It's got a lot of interesting features and choices, and while it's still a CTP, you should take a minute and check it out. 

To get a more detailed version of this walkthrough plus downloadable sample code, check out the ADO team's excellent blog post.

Quick CRUD via a Code First Model

After you install it (it won't mess up your system if you do), go and create a new whatever project. For my little example, I'll make a new ASP.NET MVC Website. It works for me better than a console app to illustrate a point.

Add a reference to Microsoft.Data.Entity.CTP.dll.

image

Make a new class, maybe in the Models folder, and name it something like Book. Add some code like this. Notice it's just code. Nothing derives from anything.

public class Book
{
[Key]
public int ISBN { get; set; }
[Required]
public string Title { get; set; }
public DateTime FirstPublished { get; set; }
public bool IsFiction { get; set; }
}

Notice I've put [Key] and [Required] on this class, but if that bothers me, I could put these kinds of declarations in a more fluent way in my database context class, in OnModelCreating.

builder.Entity<Book>().HasKey(b => b.ISBN);
builder.Entity<Book>().Property(b => b.Title).IsRequired();

To access my data, Here's a SimpleBookCatalog...

public class SimpleBookCatalog : DbContext
{
public DbSet<Book> Books { get; set; }
}

Next, I'll make a new Controller, via right|click Add Controller. I'll make a BookController.

public class BookController : Controller
{
SimpleBookCatalog db = new SimpleBookCatalog();

public ActionResult Index()
{
var books = db.Books;
return View(books);
}
...
}

I'll right click on the Index method and make an Index view. Then I'll run my app.

image

No data. What if I look in my SQL Management Studio? I got a Database created for me with a convention-based name since I didn't supply one.

SQL Management Studio with an automatically named Database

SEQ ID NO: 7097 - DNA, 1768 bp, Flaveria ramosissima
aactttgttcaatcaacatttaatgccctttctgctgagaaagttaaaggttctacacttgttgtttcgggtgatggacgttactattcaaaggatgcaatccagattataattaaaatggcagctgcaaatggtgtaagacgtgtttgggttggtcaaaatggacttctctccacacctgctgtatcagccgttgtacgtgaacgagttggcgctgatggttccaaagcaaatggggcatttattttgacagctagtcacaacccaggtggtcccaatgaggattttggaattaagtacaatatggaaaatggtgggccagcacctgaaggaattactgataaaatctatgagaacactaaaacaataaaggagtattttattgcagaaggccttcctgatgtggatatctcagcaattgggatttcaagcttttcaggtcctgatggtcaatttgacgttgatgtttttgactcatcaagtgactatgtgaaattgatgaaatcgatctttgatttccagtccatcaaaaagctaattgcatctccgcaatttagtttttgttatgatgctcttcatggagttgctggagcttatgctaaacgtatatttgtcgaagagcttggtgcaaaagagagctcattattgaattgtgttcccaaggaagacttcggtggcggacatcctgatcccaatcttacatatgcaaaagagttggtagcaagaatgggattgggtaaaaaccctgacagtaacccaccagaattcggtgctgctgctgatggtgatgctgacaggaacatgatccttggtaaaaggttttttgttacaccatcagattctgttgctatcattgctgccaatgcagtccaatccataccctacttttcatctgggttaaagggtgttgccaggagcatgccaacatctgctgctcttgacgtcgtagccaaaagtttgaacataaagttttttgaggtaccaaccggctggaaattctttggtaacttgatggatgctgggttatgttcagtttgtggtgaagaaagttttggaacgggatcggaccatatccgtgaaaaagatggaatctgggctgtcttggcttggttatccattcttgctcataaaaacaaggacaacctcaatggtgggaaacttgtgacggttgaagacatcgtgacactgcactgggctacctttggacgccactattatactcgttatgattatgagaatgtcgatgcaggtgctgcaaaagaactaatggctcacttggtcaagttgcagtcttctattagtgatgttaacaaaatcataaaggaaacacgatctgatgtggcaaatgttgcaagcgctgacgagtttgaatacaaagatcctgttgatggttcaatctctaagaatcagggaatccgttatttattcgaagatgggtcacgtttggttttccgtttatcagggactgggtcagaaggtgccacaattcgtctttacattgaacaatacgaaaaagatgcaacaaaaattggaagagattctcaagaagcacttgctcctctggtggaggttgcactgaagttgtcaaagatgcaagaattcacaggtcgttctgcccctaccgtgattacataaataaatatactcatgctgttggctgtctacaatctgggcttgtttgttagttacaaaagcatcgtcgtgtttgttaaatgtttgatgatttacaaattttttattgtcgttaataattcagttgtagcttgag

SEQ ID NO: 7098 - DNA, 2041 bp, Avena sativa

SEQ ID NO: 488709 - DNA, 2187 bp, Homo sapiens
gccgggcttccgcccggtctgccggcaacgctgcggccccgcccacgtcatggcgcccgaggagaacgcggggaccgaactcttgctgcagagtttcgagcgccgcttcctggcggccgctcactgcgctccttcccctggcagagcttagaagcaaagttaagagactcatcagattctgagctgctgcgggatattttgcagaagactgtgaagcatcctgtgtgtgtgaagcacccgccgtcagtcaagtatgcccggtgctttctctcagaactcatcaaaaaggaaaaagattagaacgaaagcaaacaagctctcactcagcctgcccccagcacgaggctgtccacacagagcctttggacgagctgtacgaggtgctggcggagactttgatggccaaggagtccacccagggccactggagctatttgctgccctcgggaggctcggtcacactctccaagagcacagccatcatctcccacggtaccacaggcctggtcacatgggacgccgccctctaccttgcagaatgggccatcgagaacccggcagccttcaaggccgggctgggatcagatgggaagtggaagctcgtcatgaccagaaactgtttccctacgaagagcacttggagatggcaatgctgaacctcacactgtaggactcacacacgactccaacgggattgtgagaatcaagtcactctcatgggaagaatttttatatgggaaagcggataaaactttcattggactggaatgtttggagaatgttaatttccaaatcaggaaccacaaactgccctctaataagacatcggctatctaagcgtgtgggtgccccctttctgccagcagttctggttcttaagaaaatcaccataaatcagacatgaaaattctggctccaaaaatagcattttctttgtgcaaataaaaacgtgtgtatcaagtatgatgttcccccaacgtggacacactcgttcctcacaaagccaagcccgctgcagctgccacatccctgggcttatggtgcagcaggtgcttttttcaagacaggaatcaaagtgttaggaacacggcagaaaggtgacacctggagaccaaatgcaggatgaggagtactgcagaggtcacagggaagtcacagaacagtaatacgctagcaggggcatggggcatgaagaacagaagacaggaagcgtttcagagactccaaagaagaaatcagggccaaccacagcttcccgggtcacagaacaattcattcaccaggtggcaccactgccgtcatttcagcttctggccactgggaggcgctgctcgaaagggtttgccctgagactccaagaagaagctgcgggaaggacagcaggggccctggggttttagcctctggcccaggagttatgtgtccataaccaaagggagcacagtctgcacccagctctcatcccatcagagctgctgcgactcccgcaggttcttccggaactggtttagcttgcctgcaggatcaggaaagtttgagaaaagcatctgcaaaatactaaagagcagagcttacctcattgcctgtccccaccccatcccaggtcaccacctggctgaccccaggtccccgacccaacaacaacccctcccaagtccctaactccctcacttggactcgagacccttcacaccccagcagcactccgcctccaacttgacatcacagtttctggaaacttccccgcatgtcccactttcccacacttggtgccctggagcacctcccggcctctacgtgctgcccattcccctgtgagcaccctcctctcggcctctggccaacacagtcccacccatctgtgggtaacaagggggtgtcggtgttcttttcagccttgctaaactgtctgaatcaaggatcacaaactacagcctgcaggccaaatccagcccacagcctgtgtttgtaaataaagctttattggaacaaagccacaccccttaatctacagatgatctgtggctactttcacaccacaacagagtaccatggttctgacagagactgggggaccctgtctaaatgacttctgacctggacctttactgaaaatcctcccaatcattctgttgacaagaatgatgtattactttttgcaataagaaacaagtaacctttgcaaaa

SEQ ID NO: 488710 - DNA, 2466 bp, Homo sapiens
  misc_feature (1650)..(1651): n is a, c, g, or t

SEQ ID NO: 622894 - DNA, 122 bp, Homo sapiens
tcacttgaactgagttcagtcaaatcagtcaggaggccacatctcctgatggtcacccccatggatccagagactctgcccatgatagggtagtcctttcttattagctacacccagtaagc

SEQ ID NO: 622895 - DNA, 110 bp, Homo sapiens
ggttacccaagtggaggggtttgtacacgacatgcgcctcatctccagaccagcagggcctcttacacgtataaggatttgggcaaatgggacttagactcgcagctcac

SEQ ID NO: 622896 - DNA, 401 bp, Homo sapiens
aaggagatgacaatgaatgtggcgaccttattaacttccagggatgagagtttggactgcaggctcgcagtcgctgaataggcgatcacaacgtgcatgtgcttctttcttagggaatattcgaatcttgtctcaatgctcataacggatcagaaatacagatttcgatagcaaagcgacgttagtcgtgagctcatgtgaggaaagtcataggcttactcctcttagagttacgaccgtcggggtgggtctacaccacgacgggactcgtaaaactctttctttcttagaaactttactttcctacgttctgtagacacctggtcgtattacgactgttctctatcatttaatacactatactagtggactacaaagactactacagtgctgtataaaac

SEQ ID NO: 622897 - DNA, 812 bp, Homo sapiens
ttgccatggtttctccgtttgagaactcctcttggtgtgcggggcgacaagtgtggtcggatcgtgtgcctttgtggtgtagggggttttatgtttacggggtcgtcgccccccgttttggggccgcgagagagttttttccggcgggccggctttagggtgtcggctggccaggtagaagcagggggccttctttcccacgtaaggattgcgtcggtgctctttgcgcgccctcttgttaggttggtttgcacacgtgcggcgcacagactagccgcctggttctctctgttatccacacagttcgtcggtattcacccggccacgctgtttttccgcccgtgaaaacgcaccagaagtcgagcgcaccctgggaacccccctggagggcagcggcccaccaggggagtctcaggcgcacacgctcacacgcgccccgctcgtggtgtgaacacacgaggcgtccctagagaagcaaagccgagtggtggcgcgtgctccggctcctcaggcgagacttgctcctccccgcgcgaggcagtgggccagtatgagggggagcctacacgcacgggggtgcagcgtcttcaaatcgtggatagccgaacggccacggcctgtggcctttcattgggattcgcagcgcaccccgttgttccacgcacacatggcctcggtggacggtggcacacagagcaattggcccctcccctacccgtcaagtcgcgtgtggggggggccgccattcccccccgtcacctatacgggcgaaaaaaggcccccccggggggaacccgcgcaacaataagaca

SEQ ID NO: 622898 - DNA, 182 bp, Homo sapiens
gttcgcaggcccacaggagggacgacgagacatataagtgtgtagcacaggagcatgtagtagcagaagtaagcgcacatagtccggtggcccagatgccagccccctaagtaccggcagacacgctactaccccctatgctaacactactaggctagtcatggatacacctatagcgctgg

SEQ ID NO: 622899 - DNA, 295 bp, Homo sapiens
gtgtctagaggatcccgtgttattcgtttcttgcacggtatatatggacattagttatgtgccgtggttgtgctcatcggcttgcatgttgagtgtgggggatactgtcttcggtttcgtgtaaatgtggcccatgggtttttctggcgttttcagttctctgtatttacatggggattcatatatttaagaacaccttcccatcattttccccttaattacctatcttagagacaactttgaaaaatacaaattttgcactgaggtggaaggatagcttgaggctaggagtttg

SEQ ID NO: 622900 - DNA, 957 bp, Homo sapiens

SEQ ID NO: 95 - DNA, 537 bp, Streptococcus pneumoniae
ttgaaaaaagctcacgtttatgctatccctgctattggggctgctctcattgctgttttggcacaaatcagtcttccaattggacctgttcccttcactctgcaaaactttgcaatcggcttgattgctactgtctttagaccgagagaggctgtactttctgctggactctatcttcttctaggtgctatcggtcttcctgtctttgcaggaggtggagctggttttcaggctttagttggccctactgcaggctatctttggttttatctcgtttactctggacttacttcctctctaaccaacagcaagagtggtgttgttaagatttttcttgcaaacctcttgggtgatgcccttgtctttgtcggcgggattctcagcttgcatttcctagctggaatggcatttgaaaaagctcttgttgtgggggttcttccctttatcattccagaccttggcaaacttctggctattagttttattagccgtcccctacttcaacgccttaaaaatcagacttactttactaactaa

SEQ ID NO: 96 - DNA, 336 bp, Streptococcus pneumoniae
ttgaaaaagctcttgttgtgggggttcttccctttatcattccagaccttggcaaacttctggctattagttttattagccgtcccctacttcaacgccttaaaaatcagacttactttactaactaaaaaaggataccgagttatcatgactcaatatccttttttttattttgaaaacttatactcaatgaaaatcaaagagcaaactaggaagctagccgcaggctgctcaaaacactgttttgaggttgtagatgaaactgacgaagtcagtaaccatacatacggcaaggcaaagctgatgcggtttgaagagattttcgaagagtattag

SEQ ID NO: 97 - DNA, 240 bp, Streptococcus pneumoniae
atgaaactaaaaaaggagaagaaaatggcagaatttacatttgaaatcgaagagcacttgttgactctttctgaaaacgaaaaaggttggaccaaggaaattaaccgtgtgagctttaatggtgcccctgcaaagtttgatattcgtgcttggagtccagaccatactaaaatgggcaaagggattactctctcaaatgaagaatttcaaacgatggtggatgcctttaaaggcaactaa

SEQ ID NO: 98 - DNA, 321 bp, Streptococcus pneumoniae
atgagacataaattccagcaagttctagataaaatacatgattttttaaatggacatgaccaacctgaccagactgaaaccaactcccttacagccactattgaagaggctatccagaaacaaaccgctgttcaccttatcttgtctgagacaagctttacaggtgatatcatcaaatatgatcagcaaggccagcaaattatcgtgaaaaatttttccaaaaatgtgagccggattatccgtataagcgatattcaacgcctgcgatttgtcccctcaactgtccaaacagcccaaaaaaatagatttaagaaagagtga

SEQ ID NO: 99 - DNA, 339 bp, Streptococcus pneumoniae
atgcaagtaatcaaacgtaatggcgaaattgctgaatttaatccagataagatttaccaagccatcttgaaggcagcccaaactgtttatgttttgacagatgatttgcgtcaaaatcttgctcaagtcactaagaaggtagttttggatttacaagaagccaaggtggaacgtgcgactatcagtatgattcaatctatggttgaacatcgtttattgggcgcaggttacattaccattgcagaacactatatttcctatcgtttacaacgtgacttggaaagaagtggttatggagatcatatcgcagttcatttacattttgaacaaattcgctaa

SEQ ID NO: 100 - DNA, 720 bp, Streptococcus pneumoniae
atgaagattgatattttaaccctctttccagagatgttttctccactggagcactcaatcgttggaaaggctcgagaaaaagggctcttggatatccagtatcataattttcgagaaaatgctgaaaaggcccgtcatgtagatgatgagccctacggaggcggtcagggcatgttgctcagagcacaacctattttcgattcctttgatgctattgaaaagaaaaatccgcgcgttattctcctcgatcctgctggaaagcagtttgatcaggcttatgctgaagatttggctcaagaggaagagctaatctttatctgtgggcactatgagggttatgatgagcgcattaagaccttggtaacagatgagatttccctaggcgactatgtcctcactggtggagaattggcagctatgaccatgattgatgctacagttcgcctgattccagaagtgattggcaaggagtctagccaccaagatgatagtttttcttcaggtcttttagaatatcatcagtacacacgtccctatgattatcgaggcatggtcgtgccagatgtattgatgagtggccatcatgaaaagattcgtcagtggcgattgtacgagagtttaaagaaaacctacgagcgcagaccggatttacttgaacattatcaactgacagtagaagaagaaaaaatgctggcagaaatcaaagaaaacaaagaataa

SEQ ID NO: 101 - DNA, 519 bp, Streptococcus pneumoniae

If I specified a different connection string, that DB could be anywhere.

However, if use a different database provider, like say, a SQL 4 Compact Edition one, setting it as the default in my Application_Start:

Database.DefaultConnectionFactory = new SqlCeConnectionFactory("System.Data.SqlServerCe.4.0");

Then when I run my app and look in my App_Data folder:

SQL Compact Edition Database file in App_Data

So I got a file based database without doing anything and I don't need SQL Server. (Yes, I can change the name, location, etc.) If I do nothing, I get a reasonable convention.

Next, I'll add two Create methods, one for a GET and one for a POST. In Create, I'll add my new book and save the changes:

public ActionResult Create()
{
return View();
}

[HttpPost]
public ActionResult Create(Book book)
{
db.Books.Add(book);
db.SaveChanges();
return RedirectToAction("Index");
}

I'll right click, Add View, and make a Create View. Run my app, look at the empty list, then click Create.

My Create Form

Click Create, and I'm redirected back to the Index page:

Book List

Back on the Index page, I can change the link to Details to use our primary key:

<%: Html.ActionLink("Details", "Details", new { id=item.ISBN })%> |

Create a Details View and add a Details method:

public ActionResult Details(int id)
{
var book = db.Books.Find(id);
return View(book);
}

See that Find method? That's there automatically. I can certainly use al the LINQy goodness as well, but as you can see, CRUD is simple. I can hook up Edit and Delete in a few minutes as well.

Here's the whole thing:

public class BooksController : Controller
{
SimpleBookCatalog db = new SimpleBookCatalog();